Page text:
Just… being… present!

As vacation time comes to an end, I’ve noticed how I begin to think of the future—as in, “This time next week I’ll be teaching a class.” On the heels of that thought is “How do I want to spend these last few days?” This scenario puts me in the middle of a mental ping-pong match, rather than in a place of openness to feeling the warm, moist breeze, seeing the bright, sunny sky, and hearing the roar of ocean waves landing on shore.

Come practice with me at my home studio in Weaverville or at Wellspring Wellness Center in Asheville! See the new schedule, beginning March 2, on the right -> of this page!

On either end of a trip, I find my mind bouncing between a to-do list to get ready and a list of what to do when I get there. What I’ve learned to practice (sometimes more skillfully than at other times!) is to catch hold of my bouncing mind, recognize what I need to do, and then do it in that moment. Pack my bathing suit. Done! Arrange for transportation. Check! Schedule classes. Got it! To take care of those tangible tasks is to be present. Then I can turn my full attention to being aware and present in the next moment. Thankfully, I continue to learn to stay grounded by focusing on the body on the yoga mat.

Find my feet. Keep my mind on the mat. Bring that wandering mind back to the tangible time on the mat and in life.

Part of what I’ve ping-ponged about while I’ve been in Mexico is how to revamp my teaching schedule now that I’m no longer teaching at Iyengar Yoga Asheville. In addition, you’ll see below that I’ve dropped two of the classes I previously had on the schedule and that I’ll be teaching at Wellspring Wellness Center in East Asheville. I’m thinking about adding some half-day meditation and asana retreats. I’m letting those ideas percolate without making plans. As my friend, Gene, taught me—a plan just gives you something to deviate from.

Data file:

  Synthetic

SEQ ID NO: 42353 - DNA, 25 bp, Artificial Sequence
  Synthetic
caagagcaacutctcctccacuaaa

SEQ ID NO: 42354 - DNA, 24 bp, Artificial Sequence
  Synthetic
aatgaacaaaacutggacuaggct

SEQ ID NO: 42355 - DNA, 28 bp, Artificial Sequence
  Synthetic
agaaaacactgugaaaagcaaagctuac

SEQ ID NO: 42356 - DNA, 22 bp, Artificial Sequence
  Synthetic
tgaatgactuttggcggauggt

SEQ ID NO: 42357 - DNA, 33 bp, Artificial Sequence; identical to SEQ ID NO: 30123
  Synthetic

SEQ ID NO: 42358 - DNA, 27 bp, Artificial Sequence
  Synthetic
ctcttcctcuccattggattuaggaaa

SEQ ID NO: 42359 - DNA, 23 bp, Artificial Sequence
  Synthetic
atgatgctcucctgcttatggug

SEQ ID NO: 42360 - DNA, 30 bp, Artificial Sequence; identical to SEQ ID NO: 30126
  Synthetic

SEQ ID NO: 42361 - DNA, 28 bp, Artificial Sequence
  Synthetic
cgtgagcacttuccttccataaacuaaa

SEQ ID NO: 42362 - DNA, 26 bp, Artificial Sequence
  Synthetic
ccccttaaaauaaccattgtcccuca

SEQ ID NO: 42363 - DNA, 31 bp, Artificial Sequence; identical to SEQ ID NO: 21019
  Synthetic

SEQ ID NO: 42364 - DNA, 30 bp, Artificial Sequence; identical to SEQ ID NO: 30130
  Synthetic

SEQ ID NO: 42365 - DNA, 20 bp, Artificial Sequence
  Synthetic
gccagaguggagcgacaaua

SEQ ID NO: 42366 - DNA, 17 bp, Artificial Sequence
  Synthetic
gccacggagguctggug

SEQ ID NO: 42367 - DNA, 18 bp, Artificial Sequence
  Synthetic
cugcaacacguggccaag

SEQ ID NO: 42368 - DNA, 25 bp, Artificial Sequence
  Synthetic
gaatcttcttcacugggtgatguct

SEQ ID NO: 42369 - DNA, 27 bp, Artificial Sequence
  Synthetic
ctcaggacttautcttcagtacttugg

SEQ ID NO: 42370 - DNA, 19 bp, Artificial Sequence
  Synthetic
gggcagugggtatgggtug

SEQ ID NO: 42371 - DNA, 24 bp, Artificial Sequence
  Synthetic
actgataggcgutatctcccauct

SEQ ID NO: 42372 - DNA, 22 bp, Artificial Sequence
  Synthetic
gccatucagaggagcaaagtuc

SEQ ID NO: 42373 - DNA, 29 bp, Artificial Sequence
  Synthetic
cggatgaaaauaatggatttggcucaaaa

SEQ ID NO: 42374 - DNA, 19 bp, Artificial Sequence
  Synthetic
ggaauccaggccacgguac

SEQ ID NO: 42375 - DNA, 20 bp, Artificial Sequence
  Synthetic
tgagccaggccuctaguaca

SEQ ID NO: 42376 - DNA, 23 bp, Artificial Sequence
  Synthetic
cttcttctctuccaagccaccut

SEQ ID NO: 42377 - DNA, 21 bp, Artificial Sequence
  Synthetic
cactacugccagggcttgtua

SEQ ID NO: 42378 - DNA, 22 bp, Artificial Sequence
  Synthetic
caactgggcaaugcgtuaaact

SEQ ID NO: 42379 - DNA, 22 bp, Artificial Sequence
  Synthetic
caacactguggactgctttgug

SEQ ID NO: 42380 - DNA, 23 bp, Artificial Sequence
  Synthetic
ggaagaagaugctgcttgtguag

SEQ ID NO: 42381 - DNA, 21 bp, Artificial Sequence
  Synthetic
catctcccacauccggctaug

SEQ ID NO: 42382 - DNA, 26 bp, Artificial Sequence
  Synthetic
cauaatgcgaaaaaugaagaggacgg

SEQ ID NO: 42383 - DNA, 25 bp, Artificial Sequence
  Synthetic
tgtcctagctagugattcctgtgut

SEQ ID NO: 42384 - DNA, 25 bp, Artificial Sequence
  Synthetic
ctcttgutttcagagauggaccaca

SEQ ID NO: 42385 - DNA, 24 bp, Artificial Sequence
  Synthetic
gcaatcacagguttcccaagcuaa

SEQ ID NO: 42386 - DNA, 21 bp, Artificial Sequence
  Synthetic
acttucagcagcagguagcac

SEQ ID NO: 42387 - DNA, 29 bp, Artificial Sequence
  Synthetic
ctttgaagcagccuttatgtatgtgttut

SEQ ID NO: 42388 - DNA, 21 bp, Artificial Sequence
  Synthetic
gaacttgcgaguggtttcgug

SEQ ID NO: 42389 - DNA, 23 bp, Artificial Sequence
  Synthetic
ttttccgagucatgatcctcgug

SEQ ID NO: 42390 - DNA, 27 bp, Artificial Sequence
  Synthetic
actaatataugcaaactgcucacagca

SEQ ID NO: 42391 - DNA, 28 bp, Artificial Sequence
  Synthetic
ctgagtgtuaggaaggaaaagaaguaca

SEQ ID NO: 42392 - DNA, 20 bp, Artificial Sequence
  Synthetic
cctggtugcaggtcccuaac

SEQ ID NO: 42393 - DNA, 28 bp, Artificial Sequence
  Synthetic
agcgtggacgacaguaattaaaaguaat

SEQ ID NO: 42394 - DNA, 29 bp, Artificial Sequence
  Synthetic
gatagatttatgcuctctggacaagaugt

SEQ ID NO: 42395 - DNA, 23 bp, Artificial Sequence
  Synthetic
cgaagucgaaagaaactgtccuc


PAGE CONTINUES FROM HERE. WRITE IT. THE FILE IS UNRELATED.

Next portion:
As I near the end of my delightful and relaxing vacation, I know I’m happy to return to the home and friends I love in Asheville. I know I will again enjoy teaching all of you, walking with Jack, and eating huge piles of fresh vegetables. In that future moment, I will be practice being present to being home. Now, I’m still here. We’ll see what the future brings. I’m going to let that ping-pong ball bounce off the table and see what happens. 

STARTING MARCH 2: Please note the new class schedule for the Weaverville Studio and the Wellspring Wellness Center on the right!

A New Chapter in My Yoga Teaching Journey

Here at the end of January 2020, I ready myself to go to Isla Mujeres, Mexico, for the month of February. This year my husband and I will be there for 29 days. I watch my mind make list after list to get ready to go. Who will teach my classes while I’m away? Who will take care of Jack, the best dog in the world? Have I put enough money in the bank? In preparation for packing, I toss swimsuits, books, and sunscreen into the closet corner in preparation of languorous time on the beach.